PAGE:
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Re: more grist
- From: firstname.lastname@example.org (Henry S. Thompson)
- To: Eric van der Vlist <email@example.com>
- Date: Tue, 06 Mar 2001 14:05:33 +0000
Eric van der Vlist <firstname.lastname@example.org> writes:
> "Henry S. Thompson" wrote:
> > Eric van der Vlist <email@example.com> writes:
> > <snip/>
> > > In other words, these specs should start by defining their requirements
> > > and check if W3C XML Schema can meet them rather than deciding a priori
> > > that they will use it.
> > But that's exactly what they did -- see their respective requirements
> > documents , .
> I meant users requirements, defining the range of documents that need to
> be covered, not "must support" requirements as shown by the quotes below
> and are declarations to support whatever will be covered by W3C XML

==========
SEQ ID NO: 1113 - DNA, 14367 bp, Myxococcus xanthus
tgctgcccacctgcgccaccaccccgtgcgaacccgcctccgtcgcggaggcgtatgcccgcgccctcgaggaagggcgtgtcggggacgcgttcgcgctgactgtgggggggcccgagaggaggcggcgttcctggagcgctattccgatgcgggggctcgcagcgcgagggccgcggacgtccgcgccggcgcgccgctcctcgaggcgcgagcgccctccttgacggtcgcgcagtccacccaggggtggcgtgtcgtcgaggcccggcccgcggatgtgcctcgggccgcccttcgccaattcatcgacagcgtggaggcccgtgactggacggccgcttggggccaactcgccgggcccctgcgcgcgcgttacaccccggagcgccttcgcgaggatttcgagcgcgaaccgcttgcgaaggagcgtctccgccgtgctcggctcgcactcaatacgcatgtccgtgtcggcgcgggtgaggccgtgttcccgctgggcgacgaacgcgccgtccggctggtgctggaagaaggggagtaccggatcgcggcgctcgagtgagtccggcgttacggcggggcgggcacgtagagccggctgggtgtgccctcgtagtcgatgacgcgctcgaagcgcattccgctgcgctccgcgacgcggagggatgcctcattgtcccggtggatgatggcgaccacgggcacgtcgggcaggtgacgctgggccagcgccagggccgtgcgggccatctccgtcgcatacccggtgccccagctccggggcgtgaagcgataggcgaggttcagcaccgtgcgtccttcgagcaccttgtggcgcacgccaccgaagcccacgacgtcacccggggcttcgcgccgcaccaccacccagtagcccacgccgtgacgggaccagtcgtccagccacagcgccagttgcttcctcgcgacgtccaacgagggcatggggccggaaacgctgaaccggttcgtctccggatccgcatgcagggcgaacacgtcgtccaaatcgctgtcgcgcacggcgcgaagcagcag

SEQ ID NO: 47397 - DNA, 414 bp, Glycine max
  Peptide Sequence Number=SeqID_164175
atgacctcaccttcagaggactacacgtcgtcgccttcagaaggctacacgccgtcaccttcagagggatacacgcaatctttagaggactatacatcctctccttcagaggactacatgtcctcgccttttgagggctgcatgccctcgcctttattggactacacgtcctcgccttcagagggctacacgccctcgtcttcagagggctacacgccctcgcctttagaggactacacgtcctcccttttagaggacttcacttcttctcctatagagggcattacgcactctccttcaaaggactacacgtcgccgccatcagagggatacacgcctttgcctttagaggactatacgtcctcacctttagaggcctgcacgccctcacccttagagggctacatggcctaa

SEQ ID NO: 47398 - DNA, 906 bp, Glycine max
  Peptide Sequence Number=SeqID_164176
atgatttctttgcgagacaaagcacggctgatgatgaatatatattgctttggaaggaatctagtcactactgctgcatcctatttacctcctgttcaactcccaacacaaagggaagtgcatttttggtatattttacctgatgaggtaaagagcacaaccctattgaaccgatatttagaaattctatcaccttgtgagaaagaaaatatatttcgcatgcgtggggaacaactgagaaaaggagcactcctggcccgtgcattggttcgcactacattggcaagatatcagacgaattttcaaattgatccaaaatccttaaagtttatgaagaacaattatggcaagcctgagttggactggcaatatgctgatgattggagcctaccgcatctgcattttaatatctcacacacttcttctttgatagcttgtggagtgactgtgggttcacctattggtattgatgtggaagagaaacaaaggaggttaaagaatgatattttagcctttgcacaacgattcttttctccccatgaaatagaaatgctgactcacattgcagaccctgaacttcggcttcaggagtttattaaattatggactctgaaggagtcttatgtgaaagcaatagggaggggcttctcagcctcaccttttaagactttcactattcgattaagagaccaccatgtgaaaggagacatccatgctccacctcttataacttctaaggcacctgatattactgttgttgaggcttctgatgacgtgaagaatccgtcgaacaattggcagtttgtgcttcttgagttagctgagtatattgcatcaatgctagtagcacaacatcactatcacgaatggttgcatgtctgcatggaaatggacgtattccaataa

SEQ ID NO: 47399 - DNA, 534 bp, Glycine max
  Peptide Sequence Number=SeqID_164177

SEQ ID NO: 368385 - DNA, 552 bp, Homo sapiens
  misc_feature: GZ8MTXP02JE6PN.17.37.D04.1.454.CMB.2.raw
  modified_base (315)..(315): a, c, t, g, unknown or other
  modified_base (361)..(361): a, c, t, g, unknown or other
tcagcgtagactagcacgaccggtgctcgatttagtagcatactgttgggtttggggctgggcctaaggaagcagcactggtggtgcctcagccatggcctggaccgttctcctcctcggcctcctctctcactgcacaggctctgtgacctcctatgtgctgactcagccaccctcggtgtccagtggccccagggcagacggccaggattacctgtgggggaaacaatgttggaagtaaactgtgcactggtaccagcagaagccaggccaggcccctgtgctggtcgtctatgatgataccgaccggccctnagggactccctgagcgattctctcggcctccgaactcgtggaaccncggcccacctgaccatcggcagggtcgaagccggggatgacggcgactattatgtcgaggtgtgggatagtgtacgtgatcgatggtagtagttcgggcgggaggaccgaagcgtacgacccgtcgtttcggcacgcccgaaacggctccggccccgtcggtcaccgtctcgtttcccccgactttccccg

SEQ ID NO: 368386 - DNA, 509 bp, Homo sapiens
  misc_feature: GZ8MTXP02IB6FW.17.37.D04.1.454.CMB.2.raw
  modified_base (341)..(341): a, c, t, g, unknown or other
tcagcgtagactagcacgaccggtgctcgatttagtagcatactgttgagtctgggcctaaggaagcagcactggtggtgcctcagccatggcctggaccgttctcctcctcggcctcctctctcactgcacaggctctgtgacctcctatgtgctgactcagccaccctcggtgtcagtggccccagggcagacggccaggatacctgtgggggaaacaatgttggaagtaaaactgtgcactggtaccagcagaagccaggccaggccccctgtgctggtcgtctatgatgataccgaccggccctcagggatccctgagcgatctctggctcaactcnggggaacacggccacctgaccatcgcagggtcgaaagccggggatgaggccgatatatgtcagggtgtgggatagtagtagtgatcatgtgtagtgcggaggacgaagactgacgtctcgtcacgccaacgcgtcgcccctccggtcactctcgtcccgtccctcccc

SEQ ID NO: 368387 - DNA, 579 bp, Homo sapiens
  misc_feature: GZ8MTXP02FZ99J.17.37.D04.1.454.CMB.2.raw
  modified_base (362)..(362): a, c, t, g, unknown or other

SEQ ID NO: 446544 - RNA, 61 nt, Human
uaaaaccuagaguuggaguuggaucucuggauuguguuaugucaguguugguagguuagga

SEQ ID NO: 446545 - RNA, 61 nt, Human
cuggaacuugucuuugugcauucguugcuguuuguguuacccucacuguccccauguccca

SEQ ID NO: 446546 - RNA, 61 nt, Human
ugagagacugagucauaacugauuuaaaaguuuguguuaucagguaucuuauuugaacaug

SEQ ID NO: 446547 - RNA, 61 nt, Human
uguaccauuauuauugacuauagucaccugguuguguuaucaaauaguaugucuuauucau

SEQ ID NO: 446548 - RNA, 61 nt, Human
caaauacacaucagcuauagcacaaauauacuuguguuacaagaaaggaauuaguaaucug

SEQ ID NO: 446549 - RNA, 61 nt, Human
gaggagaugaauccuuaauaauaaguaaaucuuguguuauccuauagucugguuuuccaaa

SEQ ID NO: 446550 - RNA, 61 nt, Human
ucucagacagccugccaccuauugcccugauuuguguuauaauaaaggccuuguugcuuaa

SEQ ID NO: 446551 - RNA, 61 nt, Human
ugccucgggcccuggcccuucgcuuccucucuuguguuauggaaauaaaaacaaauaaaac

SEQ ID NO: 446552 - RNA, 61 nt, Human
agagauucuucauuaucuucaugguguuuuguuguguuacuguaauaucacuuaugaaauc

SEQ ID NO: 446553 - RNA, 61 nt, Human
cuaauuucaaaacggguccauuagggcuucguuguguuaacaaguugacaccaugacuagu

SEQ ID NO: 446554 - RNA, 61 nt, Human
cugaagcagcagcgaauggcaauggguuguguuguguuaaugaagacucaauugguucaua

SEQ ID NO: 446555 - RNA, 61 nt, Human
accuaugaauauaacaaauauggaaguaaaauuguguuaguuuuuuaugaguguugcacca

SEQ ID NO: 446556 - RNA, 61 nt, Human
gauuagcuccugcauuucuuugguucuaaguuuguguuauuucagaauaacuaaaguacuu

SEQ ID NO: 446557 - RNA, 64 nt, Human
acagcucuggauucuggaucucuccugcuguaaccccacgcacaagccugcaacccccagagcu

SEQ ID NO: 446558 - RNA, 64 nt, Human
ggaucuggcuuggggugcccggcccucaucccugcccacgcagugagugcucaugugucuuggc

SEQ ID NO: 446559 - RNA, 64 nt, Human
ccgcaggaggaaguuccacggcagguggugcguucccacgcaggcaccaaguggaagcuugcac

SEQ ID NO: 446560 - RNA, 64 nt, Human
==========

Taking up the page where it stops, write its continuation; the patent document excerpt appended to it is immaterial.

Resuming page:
> Schema !
> > ht
> >  http://www.w3.org/TR/xmlquery-req
> The XML Query Data Model MUST represent both XML 1.0 character data and
> the simple and complex types of the XML Schema specification.
> >  http://www.w3.org/TR/xp-reqs
> The XML Protocol data representation must support using XML Schema
> simple and complex types.
>  http://www.w3.org/TR/xslt20req
> XML Schema: Structures and XML Schema: Datatypes enable users to define
> and use both simple and structured types and associate them to elements
> and attributes in a schema. XSLT 2.0 MUST provide support for the common
> operations needed for matching and construction of transformed documents
> based on a source document containing these typed elements and
Sorry, you're right on the letter, but I was reading the Use Case
sections and remembering the discussions that _lead_ to those quotes,
in each case motivating type-dependence from the basic goals of the
Henry S. Thompson, HCRC Language Technology Group, University of Edinburgh
W3C Fellow 1999--2001, part-time member of W3C Team
2 Buccleuch Place, Edinburgh EH8 9LW, SCOTLAND -- (44) 131 650-4440
Fax: (44) 131 650-4587, e-mail: firstname.lastname@example.org